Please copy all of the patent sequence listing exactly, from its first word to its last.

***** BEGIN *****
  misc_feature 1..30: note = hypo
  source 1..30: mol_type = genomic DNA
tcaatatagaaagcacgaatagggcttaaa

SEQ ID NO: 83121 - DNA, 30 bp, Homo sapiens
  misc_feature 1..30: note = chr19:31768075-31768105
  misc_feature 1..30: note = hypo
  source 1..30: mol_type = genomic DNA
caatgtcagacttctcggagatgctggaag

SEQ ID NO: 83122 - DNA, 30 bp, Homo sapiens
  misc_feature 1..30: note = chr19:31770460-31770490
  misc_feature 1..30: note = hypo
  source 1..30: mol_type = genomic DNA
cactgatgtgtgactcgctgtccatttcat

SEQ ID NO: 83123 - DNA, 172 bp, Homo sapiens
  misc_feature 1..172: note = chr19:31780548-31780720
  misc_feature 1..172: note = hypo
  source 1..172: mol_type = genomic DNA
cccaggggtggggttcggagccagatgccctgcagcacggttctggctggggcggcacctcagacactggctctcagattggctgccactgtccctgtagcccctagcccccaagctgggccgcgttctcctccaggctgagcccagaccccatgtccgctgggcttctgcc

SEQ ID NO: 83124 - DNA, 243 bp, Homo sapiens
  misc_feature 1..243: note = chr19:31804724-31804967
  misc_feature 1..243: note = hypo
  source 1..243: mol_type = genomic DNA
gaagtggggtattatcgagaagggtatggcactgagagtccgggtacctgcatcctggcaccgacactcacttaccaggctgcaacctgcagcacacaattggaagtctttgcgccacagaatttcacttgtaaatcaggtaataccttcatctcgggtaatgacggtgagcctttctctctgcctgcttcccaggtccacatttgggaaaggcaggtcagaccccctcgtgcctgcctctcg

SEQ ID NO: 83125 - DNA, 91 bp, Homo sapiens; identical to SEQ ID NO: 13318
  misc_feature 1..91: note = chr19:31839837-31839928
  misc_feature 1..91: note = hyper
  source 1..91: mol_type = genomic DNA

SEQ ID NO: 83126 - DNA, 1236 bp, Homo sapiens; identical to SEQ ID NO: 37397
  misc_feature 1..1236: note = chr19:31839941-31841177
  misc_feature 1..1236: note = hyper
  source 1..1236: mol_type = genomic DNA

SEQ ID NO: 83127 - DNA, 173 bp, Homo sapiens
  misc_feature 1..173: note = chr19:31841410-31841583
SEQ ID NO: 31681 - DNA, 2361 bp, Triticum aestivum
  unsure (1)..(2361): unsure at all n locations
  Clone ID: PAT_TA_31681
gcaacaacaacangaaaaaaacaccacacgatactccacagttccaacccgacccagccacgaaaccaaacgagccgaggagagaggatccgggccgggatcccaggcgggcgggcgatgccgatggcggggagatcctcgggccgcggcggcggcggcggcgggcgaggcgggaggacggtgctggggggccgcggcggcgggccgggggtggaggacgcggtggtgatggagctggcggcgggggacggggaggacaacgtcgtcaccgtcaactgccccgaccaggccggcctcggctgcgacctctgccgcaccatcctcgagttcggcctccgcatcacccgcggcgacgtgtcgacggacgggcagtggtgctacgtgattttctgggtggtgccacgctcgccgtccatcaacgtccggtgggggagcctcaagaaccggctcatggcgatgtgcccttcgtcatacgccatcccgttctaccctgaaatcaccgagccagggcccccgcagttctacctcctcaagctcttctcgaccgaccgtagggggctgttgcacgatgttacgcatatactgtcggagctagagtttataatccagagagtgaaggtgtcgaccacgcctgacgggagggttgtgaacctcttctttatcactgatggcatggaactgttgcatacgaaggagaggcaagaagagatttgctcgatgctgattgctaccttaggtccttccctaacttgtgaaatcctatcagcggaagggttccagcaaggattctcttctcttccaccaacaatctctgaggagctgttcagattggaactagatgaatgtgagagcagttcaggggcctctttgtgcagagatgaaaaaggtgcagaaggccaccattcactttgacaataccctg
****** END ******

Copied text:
  misc_feature 1..30: note = hypo
  source 1..30: mol_type = genomic DNA
tcaatatagaaagcacgaatagggcttaaa

SEQ ID NO: 83121 - DNA, 30 bp, Homo sapiens
  misc_feature 1..30: note = chr19:31768075-31768105
  misc_feature 1..30: note = hypo
  source 1..30: mol_type = genomic DNA
caatgtcagacttctcggagatgctggaag

SEQ ID NO: 83122 - DNA, 30 bp, Homo sapiens
  misc_feature 1..30: note = chr19:31770460-31770490
  misc_feature 1..30: note = hypo
  source 1..30: mol_type = genomic DNA
cactgatgtgtgactcgctgtccatttcat

SEQ ID NO: 83123 - DNA, 172 bp, Homo sapiens
  misc_feature 1..172: note = chr19:31780548-31780720
  misc_feature 1..172: note = hypo
  source 1..172: mol_type = genomic DNA
cccaggggtggggttcggagccagatgccctgcagcacggttctggctggggcggcacctcagacactggctctcagattggctgccactgtccctgtagcccctagcccccaagctgggccgcgttctcctccaggctgagcccagaccccatgtccgctgggcttctgcc

SEQ ID NO: 83124 - DNA, 243 bp, Homo sapiens
  misc_feature 1..243: note = chr19:31804724-31804967
  misc_feature 1..243: note = hypo
  source 1..243: mol_type = genomic DNA
gaagtggggtattatcgagaagggtatggcactgagagtccgggtacctgcatcctggcaccgacactcacttaccaggctgcaacctgcagcacacaattggaagtctttgcgccacagaatttcacttgtaaatcaggtaataccttcatctcgggtaatgacggtgagcctttctctctgcctgcttcccaggtccacatttgggaaaggcaggtcagaccccctcgtgcctgcctctcg

SEQ ID NO: 83125 - DNA, 91 bp, Homo sapiens; identical to SEQ ID NO: 13318
  misc_feature 1..91: note = chr19:31839837-31839928
  misc_feature 1..91: note = hyper
  source 1..91: mol_type = genomic DNA

SEQ ID NO: 83126 - DNA, 1236 bp, Homo sapiens; identical to SEQ ID NO: 37397
  misc_feature 1..1236: note = chr19:31839941-31841177
  misc_feature 1..1236: note = hyper
  source 1..1236: mol_type = genomic DNA

SEQ ID NO: 83127 - DNA, 173 bp, Homo sapiens
  misc_feature 1..173: note = chr19:31841410-31841583
SEQ ID NO: 31681 - DNA, 2361 bp, Triticum aestivum
  unsure (1)..(2361): unsure at all n locations
  Clone ID: PAT_TA_31681
gcaacaacaacangaaaaaaacaccacacgatactccacagttccaacccgacccagccacgaaaccaaacgagccgaggagagaggatccgggccgggatcccaggcgggcgggcgatgccgatggcggggagatcctcgggccgcggcggcggcggcggcgggcgaggcgggaggacggtgctggggggccgcggcggcgggccgggggtggaggacgcggtggtgatggagctggcggcgggggacggggaggacaacgtcgtcaccgtcaactgccccgaccaggccggcctcggctgcgacctctgccgcaccatcctcgagttcggcctccgcatcacccgcggcgacgtgtcgacggacgggcagtggtgctacgtgattttctgggtggtgccacgctcgccgtccatcaacgtccggtgggggagcctcaagaaccggctcatggcgatgtgcccttcgtcatacgccatcccgttctaccctgaaatcaccgagccagggcccccgcagttctacctcctcaagctcttctcgaccgaccgtagggggctgttgcacgatgttacgcatatactgtcggagctagagtttataatccagagagtgaaggtgtcgaccacgcctgacgggagggttgtgaacctcttctttatcactgatggcatggaactgttgcatacgaaggagaggcaagaagagatttgctcgatgctgattgctaccttaggtccttccctaacttgtgaaatcctatcagcggaagggttccagcaaggattctcttctcttccaccaacaatctctgaggagctgttcagattggaactagatgaatgtgagagcagttcaggggcctctttgtgcagagatgaaaaaggtgcagaaggccaccattcactttgacaataccctg